Augmented reality is another feature we’ve seen on a few apps here and there, but IDC’s Llamas predicts that AR will become a standard, everyday feature in the phones of tomorrow as opposed to being limited to one-off apps such as Google Goggles or the Layar browser. We’ve already encountered a bit of this approach in the form of Bing’s visual search, which is built right into the Windows Phone 7 platform. If you’re traveling or just exploring your own neighborhood, for instance, you can point your phone at your surroundings, and the app will display an overlay of historic landmarks nearby.
If you’ve ever visited Disneyland or any other amusement park, you’ve probably had a heck of a time locating the restrooms. In the next few years, your phone might be able to not only locate the nearest restrooms but also tell you how long the line is for Splash Mountain. That is, of course, a hypothetical scenario, but Llamas predicts that GPS will go beyond simply giving you driving directions. With faster data networks, GPS will be able to deliver more-accurate, real-time results regarding traffic, weather, events, and so on. The next generation of GPS might be able to pick up your location within a building, as opposed to merely what street you’re on.
The industry has heard some buzz about implementing artificial intelligence into smartphones, too. Cool? Yes. Scary? Just a bit. In the Computer Science and Artificial Intelligence Laboratory’s Spoken Language Systems Group at MIT, researchers have developed a mobile system that can automatically comb through user reviews on sites such as Citysearch or Yelp, extract useful information about a particular establishment, and make that information searchable. For example, if you wanted to find out whether a restaurant made good martinis, the algorithm would perform a grammatical analysis of adjective-noun pairs, such as “excellent martinis” or “disgusting martinis.”
Lin Zhong, a professor at Rice University’s Computer Science program, predicts that cell phones and applications of the future will collect, analyze, and provide relevant data for users–without users’ even knowing.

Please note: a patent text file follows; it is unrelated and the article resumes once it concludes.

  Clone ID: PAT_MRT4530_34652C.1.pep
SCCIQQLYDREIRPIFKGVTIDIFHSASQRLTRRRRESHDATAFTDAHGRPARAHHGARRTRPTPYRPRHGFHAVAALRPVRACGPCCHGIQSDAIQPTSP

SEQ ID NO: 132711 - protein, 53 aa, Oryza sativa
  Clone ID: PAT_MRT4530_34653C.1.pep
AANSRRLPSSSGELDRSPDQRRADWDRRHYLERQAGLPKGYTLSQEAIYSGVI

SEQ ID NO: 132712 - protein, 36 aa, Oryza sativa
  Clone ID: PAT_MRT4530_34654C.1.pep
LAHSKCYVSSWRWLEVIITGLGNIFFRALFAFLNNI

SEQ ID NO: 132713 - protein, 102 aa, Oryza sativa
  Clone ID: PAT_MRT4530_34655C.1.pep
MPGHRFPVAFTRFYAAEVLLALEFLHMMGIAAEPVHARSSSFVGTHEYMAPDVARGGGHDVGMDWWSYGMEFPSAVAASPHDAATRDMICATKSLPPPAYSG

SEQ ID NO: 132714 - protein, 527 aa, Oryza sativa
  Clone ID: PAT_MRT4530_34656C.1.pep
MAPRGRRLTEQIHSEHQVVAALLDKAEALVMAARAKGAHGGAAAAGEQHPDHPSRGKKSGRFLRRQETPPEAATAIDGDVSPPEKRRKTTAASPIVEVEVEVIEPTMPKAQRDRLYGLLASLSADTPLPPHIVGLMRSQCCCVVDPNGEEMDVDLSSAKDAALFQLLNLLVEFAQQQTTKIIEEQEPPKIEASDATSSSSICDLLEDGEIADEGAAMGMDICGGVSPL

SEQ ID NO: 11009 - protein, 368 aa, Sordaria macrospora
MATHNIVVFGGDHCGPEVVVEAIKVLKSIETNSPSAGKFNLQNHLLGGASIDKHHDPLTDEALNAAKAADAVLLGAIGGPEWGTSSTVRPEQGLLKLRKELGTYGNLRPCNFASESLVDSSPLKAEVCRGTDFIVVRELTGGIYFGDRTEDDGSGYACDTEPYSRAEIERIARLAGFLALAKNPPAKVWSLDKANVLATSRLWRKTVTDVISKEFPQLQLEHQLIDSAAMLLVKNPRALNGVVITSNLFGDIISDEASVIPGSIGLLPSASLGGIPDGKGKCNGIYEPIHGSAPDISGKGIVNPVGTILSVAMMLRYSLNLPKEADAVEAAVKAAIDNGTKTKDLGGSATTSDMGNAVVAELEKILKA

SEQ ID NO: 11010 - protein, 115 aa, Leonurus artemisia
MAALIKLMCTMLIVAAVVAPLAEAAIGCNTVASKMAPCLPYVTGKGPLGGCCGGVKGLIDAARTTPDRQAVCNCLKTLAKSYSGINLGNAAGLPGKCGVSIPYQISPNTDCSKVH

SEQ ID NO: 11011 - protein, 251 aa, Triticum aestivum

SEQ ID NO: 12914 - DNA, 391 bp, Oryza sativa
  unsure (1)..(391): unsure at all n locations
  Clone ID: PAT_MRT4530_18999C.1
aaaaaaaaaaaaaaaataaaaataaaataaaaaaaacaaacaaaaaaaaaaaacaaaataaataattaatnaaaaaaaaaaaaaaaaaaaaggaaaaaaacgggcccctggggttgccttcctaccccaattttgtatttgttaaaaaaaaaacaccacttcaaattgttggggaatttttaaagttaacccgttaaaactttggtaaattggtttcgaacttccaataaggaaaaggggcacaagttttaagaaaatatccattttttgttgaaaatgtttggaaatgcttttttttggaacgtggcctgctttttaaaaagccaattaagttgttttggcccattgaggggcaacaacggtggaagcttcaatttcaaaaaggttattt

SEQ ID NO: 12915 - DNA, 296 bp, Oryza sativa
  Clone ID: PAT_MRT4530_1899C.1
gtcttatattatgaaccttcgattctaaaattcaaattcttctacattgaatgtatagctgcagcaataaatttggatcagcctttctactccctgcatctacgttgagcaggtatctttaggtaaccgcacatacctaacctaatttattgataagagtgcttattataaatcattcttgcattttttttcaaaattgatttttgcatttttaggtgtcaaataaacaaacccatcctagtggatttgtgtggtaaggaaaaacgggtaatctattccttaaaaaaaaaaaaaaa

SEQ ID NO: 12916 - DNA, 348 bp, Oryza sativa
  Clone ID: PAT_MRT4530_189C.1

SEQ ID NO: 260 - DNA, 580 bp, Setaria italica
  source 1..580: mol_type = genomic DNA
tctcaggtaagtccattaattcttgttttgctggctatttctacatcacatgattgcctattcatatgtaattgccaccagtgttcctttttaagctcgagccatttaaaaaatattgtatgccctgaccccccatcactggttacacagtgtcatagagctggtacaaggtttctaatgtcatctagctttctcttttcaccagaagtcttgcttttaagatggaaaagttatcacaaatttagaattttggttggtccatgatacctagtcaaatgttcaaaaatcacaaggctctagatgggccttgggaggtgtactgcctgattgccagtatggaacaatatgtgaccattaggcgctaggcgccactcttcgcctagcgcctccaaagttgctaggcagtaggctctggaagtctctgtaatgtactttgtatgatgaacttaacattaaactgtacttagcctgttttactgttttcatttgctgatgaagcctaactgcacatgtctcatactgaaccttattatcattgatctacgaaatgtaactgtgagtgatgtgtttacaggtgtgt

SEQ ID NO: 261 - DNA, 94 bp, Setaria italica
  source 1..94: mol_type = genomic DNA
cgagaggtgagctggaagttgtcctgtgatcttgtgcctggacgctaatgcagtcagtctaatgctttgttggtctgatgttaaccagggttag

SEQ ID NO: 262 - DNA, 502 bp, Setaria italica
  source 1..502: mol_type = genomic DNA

“As we carry [smartphones] along, they collect data, analyze situations, and provide information in situ, as a human companion would do,” Zhong writes in Rice University’s Computing@Rice blog.
Last week, Qualcomm announced that it is planning to ship 2.5GHz quad-core smartphone processors as early as next year (though the company didn’t give specific dates). According to Qualcomm, these quad-core systems on a chip will feature Wi-Fi, GPS, Bluetooth, and FM radio; support NFC and stereoscopic 3D video/photo (capture and playback); and support LTE networks. If we’ll be seeing the first devices with these chipsets in just a year, how powerful will such phones be in five years?
Earlier this year, Nvidia shared its Tegra roadmap, indicating that its quad-core chips will be also be shipping in smartphones as early as the first part of 2012. Nicknamed “Kal-El,” this system-on-a-chip is said to be five times faster than the Tegra 2 processor, which is used in many current top-of-the-line smartphones and tablets. Next in line is the “Wayne” series (yes, Nvidia has a superhero thing going on with its chips), which the company says will be 10 times faster than the Tegra 2, followed by the “Logan” (50 times faster!) and finally the “Stark” (75 times faster!). The Stark series is slated to be released in 2014, so you can expect to see smartphones become a lot more powerful in very little time.
Unfortunately, the one technology that won’t improve is battery life, at least according to Llamas. As processors grow more powerful and as more smartphones switch to LTE technology, your phone’s battery life will continue to suffer. The good news is that portable charging products will improve, including cases with extra (and, we hope, longer-life) batteries.
Finally, expect more phone companies to make a bigger push toward going green–in everything from the technology inside the phones to the manufacturing process to the packaging. We’ve seen a few companies (most notably Samsung) take such steps already, but Llamas predicts that it will become an across-the-board practice for phone manufacturers.
We’re just barely scratching the surface here by discussing only design and features. Networks, carriers, and operating systems will look completely different within five years. That’s why I’ll be following up with another article about the future of network technology. While we can’t predict everything that will come, perhaps the best way to get a glimpse into the future of mobile technology is to watch and read science fiction (well, except maybe Futurama). Just look at the Personal Access Display Device, or PADD, from Star Trek, which is essentially a smartphone/tablet prototype! Also, keep your eye on developments coming out of both academic and corporate research labs (look for their blogs) to get a good idea of what awesome mobile technology could be coming down the pipeline.